Economic Growth

This is how Tanzania’s economy outperforms the US

Morning commuters are seen outside the New York Stock Exchange, July 30, 2012. REUTERS/Brendan McDermid (UNITED STATES - Tags: BUSINESS) - RTR35NPI

The US comes third, behind Switzerland and Singapore Image: REUTERS/Brendan McDermid

Alex Gray
Senior Writer, Forum Agenda
Daniel Gomez Gaviria
Head of Competitiveness Research, World Economic Forum
Share:
Our Impact
What's the World Economic Forum doing to accelerate action on Economic Growth?
The Big Picture
Explore and monitor how United States is affecting economies, industries and global issues
A hand holding a looking glass by a lake
Crowdsource Innovation
Get involved with our crowdsourced digital platform to deliver impact at scale
Stay up to date:

United States

The US has maintained its third place on the Global Competitiveness Index for a third year in a row, but seriously lags behind other, much smaller countries in some of the most basic measures, the latest Global Competitiveness Report reveals.

   The 10 most competitive global economies

The competitiveness of the US is largely driven by six of the 12 pillars of competitiveness outlined in the annual Global Competitiveness Report: innovation, business sophistication, market size, financial market development, labour market efficiency, and higher education and training.

While these are essential elements in stimulating economic growth, the US does not fare so well in the pillars that are considered basic requirements, such as infrastructure and healthcare.

Lagging behind

In fact, the US does not rank in the top 10 on any of the basic requirements pillars, which are institutions, infrastructure, macroeconomic environment and health and primary education.

For instance, the US lags behind the much smaller Tanzania in terms of its macroeconomic environment, in 70th place versus Tanzania’s 69th. That said, it’s an improvement from last year, when the US came in at 96th. This is due in part to its declining budget deficit.

In terms of health and primary education, the US has seen a downward trend, plummeting from 18th position in 2015 to 39th in the latest report.

In terms of the quality of its infrastructure, the US is in 11th place, beaten to the top 10 by some much smaller countries such as Japan and the Netherlands.

Its rank in institutions is 27th, behind Malaysia, Bahrain and Saudi Arabia. When you look even closer, it comes in at 30th in the ethics and corruption subsectors, 29th in undue influence, and 40th when it comes to distrust of politicians.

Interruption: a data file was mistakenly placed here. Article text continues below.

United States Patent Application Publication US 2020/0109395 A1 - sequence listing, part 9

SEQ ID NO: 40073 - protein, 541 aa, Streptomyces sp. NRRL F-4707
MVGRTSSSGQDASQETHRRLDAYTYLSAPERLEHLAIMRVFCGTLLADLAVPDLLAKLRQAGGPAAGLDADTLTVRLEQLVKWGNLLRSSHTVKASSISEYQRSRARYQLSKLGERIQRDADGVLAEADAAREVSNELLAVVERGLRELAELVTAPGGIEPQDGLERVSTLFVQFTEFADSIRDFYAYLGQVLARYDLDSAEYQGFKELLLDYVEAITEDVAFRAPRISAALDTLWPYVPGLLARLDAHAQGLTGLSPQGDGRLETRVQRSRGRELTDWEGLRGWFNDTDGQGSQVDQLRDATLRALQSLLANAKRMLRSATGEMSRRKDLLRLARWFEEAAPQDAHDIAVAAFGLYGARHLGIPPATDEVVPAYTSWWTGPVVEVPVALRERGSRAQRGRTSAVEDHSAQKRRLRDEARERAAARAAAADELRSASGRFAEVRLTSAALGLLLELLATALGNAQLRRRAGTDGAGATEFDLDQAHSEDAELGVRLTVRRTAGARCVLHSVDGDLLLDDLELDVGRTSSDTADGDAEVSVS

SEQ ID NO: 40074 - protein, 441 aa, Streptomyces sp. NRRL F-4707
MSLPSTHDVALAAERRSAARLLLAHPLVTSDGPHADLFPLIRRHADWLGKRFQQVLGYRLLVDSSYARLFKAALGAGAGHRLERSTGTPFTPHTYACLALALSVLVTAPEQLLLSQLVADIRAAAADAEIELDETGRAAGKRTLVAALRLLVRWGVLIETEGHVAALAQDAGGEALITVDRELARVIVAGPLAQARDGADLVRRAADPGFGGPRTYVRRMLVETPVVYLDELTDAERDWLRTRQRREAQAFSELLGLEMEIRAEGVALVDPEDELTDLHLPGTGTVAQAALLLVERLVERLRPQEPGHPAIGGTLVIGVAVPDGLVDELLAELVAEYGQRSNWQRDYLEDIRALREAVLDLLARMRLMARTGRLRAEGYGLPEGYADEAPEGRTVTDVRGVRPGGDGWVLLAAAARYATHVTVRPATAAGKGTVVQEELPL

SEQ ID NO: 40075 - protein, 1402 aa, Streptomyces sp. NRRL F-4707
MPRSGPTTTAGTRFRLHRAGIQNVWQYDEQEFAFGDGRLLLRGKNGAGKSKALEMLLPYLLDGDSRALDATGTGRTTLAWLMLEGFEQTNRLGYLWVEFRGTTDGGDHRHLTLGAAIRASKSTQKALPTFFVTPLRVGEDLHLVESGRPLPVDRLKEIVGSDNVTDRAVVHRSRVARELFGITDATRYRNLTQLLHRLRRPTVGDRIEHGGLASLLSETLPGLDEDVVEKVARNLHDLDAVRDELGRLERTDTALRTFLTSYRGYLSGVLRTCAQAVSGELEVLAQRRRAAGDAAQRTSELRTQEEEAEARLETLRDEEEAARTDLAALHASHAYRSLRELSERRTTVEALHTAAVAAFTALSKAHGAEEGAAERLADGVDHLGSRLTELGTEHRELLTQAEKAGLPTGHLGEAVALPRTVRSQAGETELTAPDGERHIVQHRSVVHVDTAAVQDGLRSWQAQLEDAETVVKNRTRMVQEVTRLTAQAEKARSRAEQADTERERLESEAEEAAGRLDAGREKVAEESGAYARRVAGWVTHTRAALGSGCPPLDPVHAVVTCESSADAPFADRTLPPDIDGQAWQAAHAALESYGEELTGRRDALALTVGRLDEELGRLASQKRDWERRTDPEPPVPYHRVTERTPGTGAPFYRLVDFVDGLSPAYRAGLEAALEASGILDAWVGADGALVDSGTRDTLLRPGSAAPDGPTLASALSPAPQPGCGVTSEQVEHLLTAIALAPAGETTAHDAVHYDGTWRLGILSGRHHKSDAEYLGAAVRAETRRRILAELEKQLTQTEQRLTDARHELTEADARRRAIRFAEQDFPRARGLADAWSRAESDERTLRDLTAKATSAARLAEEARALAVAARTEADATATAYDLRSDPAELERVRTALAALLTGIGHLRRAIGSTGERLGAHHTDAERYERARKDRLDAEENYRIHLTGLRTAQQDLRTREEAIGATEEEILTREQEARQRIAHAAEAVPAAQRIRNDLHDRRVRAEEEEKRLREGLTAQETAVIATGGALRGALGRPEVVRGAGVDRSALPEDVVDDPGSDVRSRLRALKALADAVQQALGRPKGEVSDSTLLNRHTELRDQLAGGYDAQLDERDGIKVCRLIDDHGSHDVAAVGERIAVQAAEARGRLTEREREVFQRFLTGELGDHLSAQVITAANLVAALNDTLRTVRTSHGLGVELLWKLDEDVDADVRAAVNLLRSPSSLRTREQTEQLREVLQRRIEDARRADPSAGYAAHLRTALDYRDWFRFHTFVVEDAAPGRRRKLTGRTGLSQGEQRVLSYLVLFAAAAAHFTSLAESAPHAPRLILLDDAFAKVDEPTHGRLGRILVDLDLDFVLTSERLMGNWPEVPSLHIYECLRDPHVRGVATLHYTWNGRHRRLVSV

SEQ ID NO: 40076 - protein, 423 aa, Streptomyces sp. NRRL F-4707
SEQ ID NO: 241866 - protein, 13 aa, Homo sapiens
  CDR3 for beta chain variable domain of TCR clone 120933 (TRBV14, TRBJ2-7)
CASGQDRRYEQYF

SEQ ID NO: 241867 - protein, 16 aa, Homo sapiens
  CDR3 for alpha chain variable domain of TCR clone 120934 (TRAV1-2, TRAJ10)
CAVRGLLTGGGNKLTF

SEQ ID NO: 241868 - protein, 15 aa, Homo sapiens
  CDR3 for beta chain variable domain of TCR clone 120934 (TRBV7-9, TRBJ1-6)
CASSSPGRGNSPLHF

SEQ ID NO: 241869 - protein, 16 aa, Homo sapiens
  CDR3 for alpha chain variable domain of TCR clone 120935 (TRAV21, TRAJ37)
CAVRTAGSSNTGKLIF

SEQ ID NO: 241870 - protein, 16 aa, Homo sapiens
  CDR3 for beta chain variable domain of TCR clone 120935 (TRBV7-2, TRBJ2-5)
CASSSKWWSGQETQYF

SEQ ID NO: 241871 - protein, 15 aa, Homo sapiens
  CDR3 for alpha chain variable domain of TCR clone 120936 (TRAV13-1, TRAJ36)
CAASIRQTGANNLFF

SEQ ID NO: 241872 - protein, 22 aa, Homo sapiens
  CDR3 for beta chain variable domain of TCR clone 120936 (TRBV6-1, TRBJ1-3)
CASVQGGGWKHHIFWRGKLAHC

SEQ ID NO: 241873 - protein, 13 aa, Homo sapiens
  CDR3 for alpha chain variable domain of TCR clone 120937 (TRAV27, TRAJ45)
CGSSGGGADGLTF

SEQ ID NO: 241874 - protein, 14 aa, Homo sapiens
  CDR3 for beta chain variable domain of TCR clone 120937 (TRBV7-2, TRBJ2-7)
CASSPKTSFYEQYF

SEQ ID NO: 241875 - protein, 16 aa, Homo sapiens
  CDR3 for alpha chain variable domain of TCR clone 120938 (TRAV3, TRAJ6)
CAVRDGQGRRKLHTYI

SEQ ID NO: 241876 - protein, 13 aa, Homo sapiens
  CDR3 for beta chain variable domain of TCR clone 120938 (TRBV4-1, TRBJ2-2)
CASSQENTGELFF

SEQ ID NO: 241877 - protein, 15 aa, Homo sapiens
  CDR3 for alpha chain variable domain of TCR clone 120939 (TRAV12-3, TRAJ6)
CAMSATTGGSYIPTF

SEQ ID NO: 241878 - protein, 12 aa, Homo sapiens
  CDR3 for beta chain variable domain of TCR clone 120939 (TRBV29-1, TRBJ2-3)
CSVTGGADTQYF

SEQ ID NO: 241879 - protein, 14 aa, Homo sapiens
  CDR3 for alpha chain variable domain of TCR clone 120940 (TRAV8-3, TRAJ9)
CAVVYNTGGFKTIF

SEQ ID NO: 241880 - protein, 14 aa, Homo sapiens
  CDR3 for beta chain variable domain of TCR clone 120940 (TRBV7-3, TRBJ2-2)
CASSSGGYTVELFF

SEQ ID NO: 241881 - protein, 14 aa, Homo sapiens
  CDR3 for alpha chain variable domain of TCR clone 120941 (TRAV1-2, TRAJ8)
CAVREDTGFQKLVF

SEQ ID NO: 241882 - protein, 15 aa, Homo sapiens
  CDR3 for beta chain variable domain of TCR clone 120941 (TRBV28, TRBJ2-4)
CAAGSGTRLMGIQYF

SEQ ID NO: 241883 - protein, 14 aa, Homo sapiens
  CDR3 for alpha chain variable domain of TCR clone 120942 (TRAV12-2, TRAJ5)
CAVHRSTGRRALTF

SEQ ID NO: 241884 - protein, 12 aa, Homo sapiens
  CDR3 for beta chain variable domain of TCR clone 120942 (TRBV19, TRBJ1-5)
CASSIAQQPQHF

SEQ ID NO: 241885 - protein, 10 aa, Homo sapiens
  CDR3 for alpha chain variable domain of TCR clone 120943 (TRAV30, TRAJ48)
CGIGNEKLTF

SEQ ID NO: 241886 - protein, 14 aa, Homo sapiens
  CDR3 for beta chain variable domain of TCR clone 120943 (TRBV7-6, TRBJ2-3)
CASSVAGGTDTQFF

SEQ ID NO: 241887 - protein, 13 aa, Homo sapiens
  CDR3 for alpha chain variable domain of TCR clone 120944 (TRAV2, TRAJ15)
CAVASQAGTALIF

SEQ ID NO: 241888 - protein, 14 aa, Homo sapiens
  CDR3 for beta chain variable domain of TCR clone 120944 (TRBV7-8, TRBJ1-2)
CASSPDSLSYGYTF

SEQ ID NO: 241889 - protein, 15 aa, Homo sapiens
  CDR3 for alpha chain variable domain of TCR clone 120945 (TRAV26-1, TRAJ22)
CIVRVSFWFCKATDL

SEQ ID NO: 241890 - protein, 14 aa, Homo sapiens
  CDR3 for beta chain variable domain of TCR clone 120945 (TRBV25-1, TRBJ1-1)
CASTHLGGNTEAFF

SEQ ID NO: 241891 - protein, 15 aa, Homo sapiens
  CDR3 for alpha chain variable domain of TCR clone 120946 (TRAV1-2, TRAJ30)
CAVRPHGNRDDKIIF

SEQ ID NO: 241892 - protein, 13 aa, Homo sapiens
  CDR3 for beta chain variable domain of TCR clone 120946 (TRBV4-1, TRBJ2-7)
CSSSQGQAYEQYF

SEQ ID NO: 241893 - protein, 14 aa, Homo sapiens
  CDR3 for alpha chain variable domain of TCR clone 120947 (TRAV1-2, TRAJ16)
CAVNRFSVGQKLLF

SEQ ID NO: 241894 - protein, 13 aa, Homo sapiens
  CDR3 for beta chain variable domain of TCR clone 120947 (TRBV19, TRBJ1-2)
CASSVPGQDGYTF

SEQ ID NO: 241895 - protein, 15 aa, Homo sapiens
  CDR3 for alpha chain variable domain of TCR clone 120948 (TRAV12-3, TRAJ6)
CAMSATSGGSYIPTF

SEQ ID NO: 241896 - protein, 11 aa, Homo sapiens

Have you read?
Gap in competitiveness take its toll

Sustainable, long-term growth requires making progress on all 12 pillars of competitiveness, according to the report. The pillars all complement each other, so for example innovation and sophistication within business will start to fall if other conditions, such as a stable financial sector, are not in place. Similarly, workplace productivity could fall if health is not protected.

These gaps in competitiveness are starting to take a toll on the US. Low productivity growth, monetary stimulus running out of steam and stagnating wages are all factors that need monitoring, according to the report.

The US needs a new, comprehensive competitiveness agenda if it wants to continue leading in the rankings and reigniting growth to sustain growing employment, wages and inclusiveness.

Don't miss any update on this topic

Create a free account and access your personalized content collection with our latest publications and analyses.

Sign up for free

License and Republishing

World Economic Forum articles may be republished in accordance with the Creative Commons Attribution-NonCommercial-NoDerivatives 4.0 International Public License, and in accordance with our Terms of Use.

The views expressed in this article are those of the author alone and not the World Economic Forum.

Share:
World Economic Forum logo
Global Agenda

The Agenda Weekly

A weekly update of the most important issues driving the global agenda

Subscribe today

You can unsubscribe at any time using the link in our emails. For more details, review our privacy policy.

To create a 'sustainomy' businesses must focus on the ecosystem, not just the market

"Arm" Piyachart Isarabhakdee

June 17, 2024

About Us

Events

Media

Partners & Members

  • Join Us

Language Editions

Privacy Policy & Terms of Service

© 2024 World Economic Forum